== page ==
Treatment of Atopic Dermatitis

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Dr. Nithin Jayan
Medically Reviewed by Dr. Nithin Jayan, MBBS, DNB
Last Updated on Apr 04, 2018
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Treatment of Atopic Dermatitis

Atopic dermatitis usually responds to home treatment. Taking proper care of skin at home reduces the need for medications.

Treatment may vary depending on the appearance (stage) of the lesions. Acute weeping lesions, dry scaly lesions, or chronic dry thickened lesions are treated differently.

The fingernails of children with infantile eczema should be cut short to prevent them from scratching and aggravating the rash. Infantile eczema usually becomes milder with age and often disappears after age 3 or 4.

Anything that aggravates the symptoms should be avoided. For some patients certain food items, environmental factors like change in weather, usage of wool and lanolin can increase the problem. Temperature changes and stress may cause sweating and changes in the blood vessels of the skin. These aggravate the condition.

Dry skin often makes the condition worse, so bathing and the use of soaps may be reduced. Have short cooler baths and use gentle body washes and cleansers instead of regular soaps. Do not scrub or dry the skin too hard. Apply lubricating creams, lotions or ointment on the skin soon after bathing while the skin is damp. This will help trap moisture in the skin and prevent dryness.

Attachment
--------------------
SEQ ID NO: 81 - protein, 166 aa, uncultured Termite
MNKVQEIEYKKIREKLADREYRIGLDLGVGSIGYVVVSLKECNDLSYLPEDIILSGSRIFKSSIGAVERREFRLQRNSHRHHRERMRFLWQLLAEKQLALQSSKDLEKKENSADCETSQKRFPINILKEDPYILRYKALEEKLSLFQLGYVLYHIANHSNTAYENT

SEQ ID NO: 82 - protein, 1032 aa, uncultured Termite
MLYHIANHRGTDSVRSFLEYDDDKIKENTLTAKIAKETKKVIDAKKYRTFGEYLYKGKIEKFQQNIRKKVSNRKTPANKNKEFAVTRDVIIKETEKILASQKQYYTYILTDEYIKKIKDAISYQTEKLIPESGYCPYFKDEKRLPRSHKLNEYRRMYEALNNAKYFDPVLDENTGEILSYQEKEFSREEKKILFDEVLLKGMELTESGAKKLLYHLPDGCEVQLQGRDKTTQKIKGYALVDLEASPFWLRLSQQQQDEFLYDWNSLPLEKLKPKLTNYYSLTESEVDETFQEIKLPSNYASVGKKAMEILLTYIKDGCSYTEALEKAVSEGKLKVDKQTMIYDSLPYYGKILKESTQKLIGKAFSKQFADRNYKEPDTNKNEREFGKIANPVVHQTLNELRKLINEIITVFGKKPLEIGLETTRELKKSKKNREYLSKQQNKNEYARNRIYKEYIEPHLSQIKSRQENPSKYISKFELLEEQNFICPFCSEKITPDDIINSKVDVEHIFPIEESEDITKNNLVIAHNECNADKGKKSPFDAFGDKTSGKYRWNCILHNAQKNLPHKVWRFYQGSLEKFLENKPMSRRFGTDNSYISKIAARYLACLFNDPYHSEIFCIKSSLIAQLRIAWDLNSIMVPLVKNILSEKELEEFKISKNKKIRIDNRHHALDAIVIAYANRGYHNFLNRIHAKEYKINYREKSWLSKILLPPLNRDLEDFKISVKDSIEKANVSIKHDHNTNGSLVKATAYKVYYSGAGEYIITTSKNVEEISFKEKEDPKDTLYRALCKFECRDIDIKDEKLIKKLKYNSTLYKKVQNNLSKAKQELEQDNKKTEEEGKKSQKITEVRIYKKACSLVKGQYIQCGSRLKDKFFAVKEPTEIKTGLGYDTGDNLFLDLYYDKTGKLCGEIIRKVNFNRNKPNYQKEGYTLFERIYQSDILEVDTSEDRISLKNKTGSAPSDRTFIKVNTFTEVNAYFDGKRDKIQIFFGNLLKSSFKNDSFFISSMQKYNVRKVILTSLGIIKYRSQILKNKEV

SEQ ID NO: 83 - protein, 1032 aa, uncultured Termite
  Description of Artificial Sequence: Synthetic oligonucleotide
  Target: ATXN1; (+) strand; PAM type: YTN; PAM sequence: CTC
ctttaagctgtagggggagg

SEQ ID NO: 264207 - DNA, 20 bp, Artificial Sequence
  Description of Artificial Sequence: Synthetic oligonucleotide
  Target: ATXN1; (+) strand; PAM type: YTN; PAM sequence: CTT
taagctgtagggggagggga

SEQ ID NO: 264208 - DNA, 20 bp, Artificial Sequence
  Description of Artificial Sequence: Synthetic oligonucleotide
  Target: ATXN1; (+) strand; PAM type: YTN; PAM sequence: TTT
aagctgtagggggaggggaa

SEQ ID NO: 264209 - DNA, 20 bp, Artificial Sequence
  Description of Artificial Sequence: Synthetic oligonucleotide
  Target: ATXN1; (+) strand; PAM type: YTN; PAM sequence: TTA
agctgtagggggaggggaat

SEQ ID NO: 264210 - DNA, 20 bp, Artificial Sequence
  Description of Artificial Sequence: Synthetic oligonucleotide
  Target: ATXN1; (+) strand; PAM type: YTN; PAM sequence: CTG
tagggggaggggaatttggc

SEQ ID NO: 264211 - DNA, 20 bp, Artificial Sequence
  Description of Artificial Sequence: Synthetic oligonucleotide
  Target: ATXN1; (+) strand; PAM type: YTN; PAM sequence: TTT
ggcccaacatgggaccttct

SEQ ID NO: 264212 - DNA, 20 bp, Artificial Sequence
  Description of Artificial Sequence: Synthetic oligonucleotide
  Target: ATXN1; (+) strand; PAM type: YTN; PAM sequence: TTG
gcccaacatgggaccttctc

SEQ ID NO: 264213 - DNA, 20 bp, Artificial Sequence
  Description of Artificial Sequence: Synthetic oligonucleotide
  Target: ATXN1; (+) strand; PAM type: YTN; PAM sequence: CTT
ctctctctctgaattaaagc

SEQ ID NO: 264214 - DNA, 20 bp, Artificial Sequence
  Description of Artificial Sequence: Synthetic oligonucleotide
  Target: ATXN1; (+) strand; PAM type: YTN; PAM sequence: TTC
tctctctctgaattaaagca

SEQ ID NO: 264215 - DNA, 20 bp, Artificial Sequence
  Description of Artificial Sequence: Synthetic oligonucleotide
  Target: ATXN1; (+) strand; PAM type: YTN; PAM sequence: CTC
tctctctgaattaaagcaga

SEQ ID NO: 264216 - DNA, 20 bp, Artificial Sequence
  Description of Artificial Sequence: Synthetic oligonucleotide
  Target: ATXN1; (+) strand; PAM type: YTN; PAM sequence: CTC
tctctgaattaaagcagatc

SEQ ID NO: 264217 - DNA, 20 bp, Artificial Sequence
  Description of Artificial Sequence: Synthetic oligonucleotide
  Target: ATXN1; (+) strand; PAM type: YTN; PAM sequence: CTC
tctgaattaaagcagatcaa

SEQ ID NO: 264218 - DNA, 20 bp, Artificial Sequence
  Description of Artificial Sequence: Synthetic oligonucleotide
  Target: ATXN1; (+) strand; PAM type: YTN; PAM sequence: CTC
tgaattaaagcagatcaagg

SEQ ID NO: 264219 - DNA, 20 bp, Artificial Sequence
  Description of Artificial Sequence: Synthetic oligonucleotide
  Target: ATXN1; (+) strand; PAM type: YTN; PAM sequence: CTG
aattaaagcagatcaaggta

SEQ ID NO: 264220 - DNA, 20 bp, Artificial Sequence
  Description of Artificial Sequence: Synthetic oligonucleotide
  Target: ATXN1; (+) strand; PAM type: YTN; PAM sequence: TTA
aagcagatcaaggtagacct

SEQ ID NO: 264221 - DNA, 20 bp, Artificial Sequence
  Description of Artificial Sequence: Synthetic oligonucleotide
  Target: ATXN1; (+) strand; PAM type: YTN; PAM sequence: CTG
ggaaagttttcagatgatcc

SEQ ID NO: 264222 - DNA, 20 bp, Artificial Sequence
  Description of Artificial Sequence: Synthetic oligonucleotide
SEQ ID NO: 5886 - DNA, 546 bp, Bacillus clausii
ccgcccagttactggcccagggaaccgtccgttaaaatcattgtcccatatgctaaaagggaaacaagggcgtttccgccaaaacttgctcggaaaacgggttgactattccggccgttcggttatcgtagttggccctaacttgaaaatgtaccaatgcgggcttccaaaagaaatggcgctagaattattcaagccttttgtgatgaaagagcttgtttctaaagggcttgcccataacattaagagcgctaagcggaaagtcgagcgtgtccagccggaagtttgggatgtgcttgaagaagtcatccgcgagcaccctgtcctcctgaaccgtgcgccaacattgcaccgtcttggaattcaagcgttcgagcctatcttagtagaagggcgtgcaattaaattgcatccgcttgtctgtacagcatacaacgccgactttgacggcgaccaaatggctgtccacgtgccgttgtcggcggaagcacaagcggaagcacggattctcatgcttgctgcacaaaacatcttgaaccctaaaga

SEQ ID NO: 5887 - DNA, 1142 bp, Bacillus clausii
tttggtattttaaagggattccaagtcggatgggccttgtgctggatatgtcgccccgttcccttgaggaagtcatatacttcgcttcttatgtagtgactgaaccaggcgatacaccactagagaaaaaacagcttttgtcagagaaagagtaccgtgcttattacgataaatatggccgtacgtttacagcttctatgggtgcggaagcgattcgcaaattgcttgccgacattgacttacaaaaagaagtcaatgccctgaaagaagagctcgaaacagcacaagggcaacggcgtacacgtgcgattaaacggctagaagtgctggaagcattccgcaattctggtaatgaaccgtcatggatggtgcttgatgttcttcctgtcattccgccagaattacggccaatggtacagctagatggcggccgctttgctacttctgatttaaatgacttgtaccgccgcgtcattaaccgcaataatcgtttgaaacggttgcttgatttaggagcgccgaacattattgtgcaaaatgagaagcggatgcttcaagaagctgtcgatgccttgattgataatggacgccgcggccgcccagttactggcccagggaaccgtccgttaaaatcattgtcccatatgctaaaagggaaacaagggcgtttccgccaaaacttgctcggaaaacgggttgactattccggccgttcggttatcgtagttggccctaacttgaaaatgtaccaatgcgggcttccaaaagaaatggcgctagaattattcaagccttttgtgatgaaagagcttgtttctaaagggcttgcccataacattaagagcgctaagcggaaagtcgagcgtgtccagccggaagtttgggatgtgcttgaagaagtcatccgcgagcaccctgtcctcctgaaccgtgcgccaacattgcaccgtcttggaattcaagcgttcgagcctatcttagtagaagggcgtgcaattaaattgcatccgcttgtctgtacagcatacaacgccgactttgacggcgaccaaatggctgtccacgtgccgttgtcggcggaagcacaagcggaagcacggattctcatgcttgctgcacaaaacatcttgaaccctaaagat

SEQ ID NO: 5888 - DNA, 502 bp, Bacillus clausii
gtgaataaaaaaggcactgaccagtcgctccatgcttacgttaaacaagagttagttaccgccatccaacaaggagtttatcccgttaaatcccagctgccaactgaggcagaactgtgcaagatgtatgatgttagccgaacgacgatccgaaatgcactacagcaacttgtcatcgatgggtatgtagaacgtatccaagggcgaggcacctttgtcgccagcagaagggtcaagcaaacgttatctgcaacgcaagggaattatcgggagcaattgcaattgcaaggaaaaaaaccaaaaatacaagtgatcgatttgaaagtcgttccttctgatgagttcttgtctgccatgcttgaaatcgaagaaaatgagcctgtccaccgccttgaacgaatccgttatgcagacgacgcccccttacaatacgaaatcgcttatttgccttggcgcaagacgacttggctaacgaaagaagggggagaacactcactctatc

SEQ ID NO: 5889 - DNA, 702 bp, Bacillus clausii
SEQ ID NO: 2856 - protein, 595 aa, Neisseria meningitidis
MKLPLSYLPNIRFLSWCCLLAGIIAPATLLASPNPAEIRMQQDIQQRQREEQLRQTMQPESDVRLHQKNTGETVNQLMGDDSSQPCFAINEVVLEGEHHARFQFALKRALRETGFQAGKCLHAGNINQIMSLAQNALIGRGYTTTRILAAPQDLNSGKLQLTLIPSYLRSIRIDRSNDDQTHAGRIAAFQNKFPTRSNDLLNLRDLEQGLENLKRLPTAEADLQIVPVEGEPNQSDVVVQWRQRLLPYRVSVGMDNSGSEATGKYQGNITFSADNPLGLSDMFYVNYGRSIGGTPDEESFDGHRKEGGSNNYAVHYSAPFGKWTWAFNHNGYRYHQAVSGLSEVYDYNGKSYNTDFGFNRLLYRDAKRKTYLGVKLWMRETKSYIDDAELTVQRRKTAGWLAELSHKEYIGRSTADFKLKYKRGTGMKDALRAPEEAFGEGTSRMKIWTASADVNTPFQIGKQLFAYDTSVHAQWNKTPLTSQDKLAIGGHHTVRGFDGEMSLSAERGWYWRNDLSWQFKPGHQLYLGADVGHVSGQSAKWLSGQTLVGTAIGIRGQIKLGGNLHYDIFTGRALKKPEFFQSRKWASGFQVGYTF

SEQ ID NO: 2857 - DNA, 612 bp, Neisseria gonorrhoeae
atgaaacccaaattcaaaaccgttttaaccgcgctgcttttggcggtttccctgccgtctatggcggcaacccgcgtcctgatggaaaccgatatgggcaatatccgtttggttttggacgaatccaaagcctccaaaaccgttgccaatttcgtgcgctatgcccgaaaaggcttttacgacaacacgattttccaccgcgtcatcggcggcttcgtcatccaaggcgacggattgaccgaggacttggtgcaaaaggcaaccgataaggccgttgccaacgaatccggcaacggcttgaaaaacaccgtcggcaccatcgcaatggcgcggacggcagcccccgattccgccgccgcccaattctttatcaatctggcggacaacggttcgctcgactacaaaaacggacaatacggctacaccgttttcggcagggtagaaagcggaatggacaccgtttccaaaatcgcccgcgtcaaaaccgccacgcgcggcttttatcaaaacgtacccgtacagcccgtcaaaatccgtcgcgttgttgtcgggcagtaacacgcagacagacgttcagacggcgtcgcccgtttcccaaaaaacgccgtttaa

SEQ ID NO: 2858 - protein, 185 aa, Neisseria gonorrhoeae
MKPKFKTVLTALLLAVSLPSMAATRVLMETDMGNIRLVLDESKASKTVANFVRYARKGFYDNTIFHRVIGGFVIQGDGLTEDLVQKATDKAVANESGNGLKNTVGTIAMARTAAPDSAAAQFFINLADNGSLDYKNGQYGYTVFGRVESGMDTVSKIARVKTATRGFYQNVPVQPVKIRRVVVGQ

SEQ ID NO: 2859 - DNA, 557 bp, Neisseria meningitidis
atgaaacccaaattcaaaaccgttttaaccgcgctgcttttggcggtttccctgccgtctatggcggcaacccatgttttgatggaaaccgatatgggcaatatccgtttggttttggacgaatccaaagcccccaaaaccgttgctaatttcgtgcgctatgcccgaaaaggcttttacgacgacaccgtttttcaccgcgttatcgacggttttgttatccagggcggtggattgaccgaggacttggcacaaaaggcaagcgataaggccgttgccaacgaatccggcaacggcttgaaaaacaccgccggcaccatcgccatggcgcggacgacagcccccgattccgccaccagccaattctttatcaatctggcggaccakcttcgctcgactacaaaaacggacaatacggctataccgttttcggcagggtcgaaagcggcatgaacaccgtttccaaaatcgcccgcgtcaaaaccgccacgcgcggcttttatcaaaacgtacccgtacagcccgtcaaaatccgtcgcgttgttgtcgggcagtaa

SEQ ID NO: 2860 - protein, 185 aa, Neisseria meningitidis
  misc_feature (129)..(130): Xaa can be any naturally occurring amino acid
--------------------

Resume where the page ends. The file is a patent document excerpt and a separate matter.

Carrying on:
If avoidance of irritants does not reduce symptoms, topical creams and oral medications may be indicated. Topical treatment may include using soothing lotions, topical steroid cream, or other prescribed cream; using mild soaps, or wet dressings. Taking antihistamines can reduce severe itching.

Other treatment options include using immunosuppressant drugs or phototherapy.

Preventive measures:

There is no known preventive measure. The condition tends to run in families. Control of stress and emotional conditions like nervousness, anxiety, depression, etc. can be useful in preventing some cases.

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Turmeric, coconut oil and avocado oil fixes it along with a diet of anti-inflammatory foods/ omega 3.

Skin problems also affects on the stomach and on the side of the thighs. Have these problems on the left side of the body. What is it? Am puzzled.....

writes4fun

Very good information here! One thing I never understand is why blog posts and articles about atopic dermatitis always list the back of the knees and inside the elbows as common locations, but never mention the front of the knees and outside the elbows which is where members of my family most commonly have atopic dermatitis flare ups. I found another good article on this topic: Atopic Eczema

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